Seoul, yes. Large SK and US troop concentrations farther south, not so much. It's always difficult to understand the thinking of a government as notably insane as NK's, but I think there is a definite miltary aspect to their nuclear program as well as the obvious "bargaining chip" aspect. If NK ever does develop an arsenal of nukes that can be carried by SRBM -- and by "arsenal" I mean ten or twenty warheads -- they could, to put it mildly, seriously impede the ability of UN forces to operate on the peni

  • Kim Jong-un (Score:5, Insightful)

    by PPH (736903) on Wednesday February 29, 2012 @01:16PM (#39199905)

    You get one chance to keep your word. This is it.

    • by Myopic (18616) *

      I doubt it. We'll see this headline in 2018, except where today it reads "Barack Obama", then it will say "Jeb Bush".

      But, I share your hope, just not much of it.

  • by Darth_brooks (180756) <clipper377@nOSPAm.gmail.com> on Wednesday February 29, 2012 @01:20PM (#39199979) Homepage

    Talk is cheap, but at least it's cheaper than body bags. I do like that even the most official statements on this seem to be the equivalent of "Welp, here we go again."

    “The United States still has profound concerns regarding North Korean behavior across a wide range of areas, but today’s announcement reflects important, if limited, progress in addressing some of these,” said State Department spokeswoman Victoria Nuland.

    Those words were echoed by Secretary of State Hillary Clinton, who called the agreement a “modest first step in the right direction.”

    I think that's Pol-speak for "We've played this game before, we know how it ends, but what's the alternative?"

    • by jvkjvk (102057)

      "We've played this game before, we know how it ends, but what's the alternative?"

      Let the implode. Let China deal with that problem, that they are creating, and have created.

      Let them do whatever they want, just don't give any energy until *after* a reversal.

      In my honest opinion, we are creating more suffering with our "help" through extending the lifelines of these Dictators than both the downward spiral and the short sharp shock that would follow from the people tyrannizing their former oppressors.

      I just don't believe the analysis that they are a threat to the US.

      Regards

  • by Anonymous Coward on Wednesday February 29, 2012 @01:28PM (#39200085)

    It seems like the USA is always picking up the tab on stuff like this. Why not NATO?

  • is that Best Korea will now be printing all 100 dollar bills and passing the savings along to the US Treasury. Plus some vague rider about extraditing Trey Parker and Matt Stone to Pyongyang.
  • by IWantMoreSpamPlease (571972) on Wednesday February 29, 2012 @02:00PM (#39200505) Homepage Journal

    Somewhere in the insane ramblings of the original Kim was the comment that no great breakthrough can come without great struggle.

    Couple this ideology with the total worship of self-reliance and you can see where this is going:
    NK is too proud to ask for food from outsides (it would defeat their total self-reliance) even though it needs it, instead it rattles the sabre and makes threats, then 'agrees' to back down if the West will provide food.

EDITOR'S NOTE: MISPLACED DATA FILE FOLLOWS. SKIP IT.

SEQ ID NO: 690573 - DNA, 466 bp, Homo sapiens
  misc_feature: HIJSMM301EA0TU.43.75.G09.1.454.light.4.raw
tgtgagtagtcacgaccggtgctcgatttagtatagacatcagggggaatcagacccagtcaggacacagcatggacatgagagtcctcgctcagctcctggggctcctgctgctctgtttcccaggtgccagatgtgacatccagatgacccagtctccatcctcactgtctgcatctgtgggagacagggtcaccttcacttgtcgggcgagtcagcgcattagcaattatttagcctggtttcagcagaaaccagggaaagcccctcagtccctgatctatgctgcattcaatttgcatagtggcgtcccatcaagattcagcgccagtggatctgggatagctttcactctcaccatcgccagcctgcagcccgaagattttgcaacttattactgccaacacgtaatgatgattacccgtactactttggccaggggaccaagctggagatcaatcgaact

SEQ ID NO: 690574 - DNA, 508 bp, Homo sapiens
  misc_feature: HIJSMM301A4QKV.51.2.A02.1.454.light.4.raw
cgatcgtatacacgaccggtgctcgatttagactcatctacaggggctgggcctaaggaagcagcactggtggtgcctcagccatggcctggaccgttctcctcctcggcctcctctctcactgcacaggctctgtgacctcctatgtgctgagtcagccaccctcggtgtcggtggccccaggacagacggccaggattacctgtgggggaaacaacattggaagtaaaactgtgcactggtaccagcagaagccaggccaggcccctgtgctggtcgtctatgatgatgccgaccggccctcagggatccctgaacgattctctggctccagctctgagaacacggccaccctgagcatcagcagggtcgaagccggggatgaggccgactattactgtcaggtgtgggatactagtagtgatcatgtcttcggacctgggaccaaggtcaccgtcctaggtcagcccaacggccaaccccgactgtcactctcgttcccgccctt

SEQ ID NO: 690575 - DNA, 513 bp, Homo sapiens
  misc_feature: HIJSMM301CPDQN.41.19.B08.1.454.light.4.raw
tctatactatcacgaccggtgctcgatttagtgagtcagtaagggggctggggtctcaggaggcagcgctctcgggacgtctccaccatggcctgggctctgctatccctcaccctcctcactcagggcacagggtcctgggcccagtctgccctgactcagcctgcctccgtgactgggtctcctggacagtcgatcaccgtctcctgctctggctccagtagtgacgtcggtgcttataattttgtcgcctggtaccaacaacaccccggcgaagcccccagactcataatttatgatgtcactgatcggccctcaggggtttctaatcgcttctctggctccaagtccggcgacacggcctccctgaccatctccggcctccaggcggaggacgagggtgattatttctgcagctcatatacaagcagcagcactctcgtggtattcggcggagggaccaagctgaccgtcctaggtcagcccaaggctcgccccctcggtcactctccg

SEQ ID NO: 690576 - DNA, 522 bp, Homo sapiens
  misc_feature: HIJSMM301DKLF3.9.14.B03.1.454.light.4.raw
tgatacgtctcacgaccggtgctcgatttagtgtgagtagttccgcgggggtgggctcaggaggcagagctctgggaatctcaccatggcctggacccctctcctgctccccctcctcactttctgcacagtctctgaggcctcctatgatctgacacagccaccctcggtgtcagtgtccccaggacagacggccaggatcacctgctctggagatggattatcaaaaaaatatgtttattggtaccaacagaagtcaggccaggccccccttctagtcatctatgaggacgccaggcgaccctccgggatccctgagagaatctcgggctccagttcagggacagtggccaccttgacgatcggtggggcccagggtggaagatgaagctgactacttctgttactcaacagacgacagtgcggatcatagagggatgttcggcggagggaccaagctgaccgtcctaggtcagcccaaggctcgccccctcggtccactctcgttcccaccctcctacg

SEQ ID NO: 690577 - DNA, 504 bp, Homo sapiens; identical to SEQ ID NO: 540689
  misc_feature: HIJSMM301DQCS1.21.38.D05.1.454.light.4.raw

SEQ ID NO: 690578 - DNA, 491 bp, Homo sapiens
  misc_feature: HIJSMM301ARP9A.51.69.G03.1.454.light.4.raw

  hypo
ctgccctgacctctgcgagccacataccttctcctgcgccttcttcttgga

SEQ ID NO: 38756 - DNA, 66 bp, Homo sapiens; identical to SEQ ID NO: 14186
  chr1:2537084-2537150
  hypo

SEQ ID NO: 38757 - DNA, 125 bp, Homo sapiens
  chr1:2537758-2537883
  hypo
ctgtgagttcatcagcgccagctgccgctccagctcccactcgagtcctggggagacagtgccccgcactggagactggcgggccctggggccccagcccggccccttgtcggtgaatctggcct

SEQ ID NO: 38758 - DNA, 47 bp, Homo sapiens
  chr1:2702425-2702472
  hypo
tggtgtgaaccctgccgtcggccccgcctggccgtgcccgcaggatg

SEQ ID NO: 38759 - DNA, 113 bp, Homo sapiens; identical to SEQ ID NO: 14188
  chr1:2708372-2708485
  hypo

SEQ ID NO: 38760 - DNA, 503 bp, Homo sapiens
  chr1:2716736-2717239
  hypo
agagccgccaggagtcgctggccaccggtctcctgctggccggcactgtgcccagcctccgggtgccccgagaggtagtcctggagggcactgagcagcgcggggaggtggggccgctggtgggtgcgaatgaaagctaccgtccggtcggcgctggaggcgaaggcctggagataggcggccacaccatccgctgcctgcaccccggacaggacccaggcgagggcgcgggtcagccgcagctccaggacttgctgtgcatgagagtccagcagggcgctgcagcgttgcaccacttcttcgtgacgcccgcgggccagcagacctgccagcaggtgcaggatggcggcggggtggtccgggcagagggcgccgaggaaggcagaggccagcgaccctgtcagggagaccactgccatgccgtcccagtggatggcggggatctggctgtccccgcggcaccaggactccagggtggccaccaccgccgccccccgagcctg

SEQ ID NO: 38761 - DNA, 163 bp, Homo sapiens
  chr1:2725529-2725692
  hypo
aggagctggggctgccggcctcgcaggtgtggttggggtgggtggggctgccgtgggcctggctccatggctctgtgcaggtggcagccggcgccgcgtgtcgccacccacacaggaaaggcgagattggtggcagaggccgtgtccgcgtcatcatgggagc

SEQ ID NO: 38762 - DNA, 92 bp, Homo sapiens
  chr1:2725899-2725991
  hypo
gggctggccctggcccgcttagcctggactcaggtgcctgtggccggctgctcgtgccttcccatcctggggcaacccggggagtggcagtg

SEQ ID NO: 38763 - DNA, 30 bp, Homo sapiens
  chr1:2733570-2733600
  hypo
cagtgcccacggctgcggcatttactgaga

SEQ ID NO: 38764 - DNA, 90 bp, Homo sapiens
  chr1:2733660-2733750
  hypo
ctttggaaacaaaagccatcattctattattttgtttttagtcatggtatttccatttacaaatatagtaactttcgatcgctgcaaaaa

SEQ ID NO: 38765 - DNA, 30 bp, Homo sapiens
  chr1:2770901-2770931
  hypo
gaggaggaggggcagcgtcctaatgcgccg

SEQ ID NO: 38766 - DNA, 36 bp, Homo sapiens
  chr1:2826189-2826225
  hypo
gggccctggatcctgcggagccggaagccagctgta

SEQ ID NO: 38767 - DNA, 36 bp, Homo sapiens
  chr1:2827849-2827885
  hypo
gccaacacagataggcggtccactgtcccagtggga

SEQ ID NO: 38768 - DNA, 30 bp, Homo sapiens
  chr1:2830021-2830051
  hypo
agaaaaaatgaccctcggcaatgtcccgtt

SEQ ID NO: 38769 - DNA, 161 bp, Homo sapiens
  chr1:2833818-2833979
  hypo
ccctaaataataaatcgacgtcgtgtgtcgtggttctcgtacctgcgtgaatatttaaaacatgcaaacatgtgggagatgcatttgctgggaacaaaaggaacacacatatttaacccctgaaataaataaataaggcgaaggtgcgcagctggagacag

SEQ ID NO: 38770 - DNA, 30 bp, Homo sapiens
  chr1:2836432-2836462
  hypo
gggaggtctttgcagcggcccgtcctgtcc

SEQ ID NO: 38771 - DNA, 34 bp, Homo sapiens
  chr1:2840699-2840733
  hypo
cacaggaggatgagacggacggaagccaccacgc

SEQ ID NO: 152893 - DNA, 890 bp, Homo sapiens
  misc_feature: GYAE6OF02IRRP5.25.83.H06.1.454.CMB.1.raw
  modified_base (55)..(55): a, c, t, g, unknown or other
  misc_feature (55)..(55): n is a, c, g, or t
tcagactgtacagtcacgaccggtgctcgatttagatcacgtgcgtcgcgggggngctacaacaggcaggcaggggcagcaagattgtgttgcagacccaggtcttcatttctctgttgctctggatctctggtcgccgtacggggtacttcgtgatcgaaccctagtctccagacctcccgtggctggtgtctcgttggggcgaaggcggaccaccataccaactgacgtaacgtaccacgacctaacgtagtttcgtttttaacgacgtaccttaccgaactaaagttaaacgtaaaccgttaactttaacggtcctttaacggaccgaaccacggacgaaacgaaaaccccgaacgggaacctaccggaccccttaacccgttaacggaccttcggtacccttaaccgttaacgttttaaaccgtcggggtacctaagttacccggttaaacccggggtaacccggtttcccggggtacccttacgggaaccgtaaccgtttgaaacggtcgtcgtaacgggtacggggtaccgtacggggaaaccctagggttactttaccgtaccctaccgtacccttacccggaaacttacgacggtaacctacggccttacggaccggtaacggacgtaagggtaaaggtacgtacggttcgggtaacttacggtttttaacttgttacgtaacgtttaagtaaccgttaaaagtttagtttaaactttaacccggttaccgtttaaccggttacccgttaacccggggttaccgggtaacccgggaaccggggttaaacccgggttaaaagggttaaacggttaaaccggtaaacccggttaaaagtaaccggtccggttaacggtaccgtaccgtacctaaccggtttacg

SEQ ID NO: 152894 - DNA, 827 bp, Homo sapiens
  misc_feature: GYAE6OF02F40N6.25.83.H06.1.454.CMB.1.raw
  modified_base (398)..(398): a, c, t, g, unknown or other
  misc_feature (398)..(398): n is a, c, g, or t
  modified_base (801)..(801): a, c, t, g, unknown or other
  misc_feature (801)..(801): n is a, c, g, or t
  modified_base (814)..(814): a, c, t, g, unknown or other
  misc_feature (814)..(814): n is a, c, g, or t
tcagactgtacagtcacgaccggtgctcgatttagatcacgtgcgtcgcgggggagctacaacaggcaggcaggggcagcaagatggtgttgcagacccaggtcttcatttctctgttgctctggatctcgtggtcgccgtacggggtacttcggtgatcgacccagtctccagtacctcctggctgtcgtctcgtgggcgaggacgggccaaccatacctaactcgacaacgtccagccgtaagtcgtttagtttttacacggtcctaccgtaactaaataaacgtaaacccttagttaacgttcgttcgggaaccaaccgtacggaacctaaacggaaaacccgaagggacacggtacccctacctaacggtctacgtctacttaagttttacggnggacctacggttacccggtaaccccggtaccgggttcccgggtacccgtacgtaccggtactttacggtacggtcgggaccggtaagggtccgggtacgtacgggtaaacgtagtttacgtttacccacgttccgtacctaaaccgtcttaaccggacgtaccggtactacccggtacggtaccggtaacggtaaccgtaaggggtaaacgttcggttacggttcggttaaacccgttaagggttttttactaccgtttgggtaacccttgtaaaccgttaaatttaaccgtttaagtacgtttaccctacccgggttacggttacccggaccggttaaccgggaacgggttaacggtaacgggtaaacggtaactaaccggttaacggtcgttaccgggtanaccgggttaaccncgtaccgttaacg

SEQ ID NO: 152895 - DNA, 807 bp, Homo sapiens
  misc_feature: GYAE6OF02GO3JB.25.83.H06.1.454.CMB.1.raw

Wash, rinse, repeat. It all comes together if you keep the first fact in mind. This is the way of NK and will be until the gov't is removed from power.

  • I heard on the radio today that within 5 years we will see Chinese companies build factories in NK because the Chinese factory workers are starting to ask for too much money. Why pay a Chinese worker $1 an hour when you can pay $.05 an hour to a NK factory worker? China will continue to make products for the US, and products made for the Chinese market will be made in NK.

    • by HungWeiLo (250320)

      This is not new. South Korea has been doing this for years. The Hyundai chaebol / business conglomerate has factories there along with some other companies.

    • by Viewsonic (584922)

      This would break a lot of trade laws. They can go ahead and do this, but any company found selling products that were made this way will be fined into oblivion, shut down, or jailed.

    • South Korea used to have joint industrial ventures with the North Koreans. That didn't stop the Norks from infiltrating assassins and saboteurs into the South. The Norks also set up industrial disputes to twist the arm of the South a lot too. Good luck to the Chinese if they make the same mistakes.
  • North Korea thinks that it is getting food. Instead, . . .

    240,000 metric tons of nutritional assistance

    . . . consists of Happy Meals (with toys), Hostess Ding Dongs, Slurpees, Pork Skin Chips, Aerosol Easy Cheese, Chez Doodles, cotton candy, candy corn, etc.

    These highly pre-post-processed sugary food stuffs will transform them into fat, lazy drones, unable to construct complicated nuclear weapons.

  • So inexpensive (Score:2, Insightful)

    by Anonymous Coward

    What amazes me about this is that it is so inexpensive for the US. Wheat is less than 300 per metric ton so this is only about $72,000,000. A round off error in the US debt and less than the negotiations probably cost.

  • by Oswald McWeany (2428506) on Wednesday February 29, 2012 @03:41PM (#39201873)

    For all the jaded souls who think there is no hope and this will degenerate like the last time. Fatty Kim is a product of Western universities. He attended school in Europe (Switzerland I believe) - he has experienced western lifestyle and no doubt sees his own people not having the same lifestyle.

    He's unlikely to want to give up power- but he may just have been infected by enough free-thought whilst in Europe to legitimately want change. There is hope that Fatty Kim is not just a younger, hungrier, clone of his father.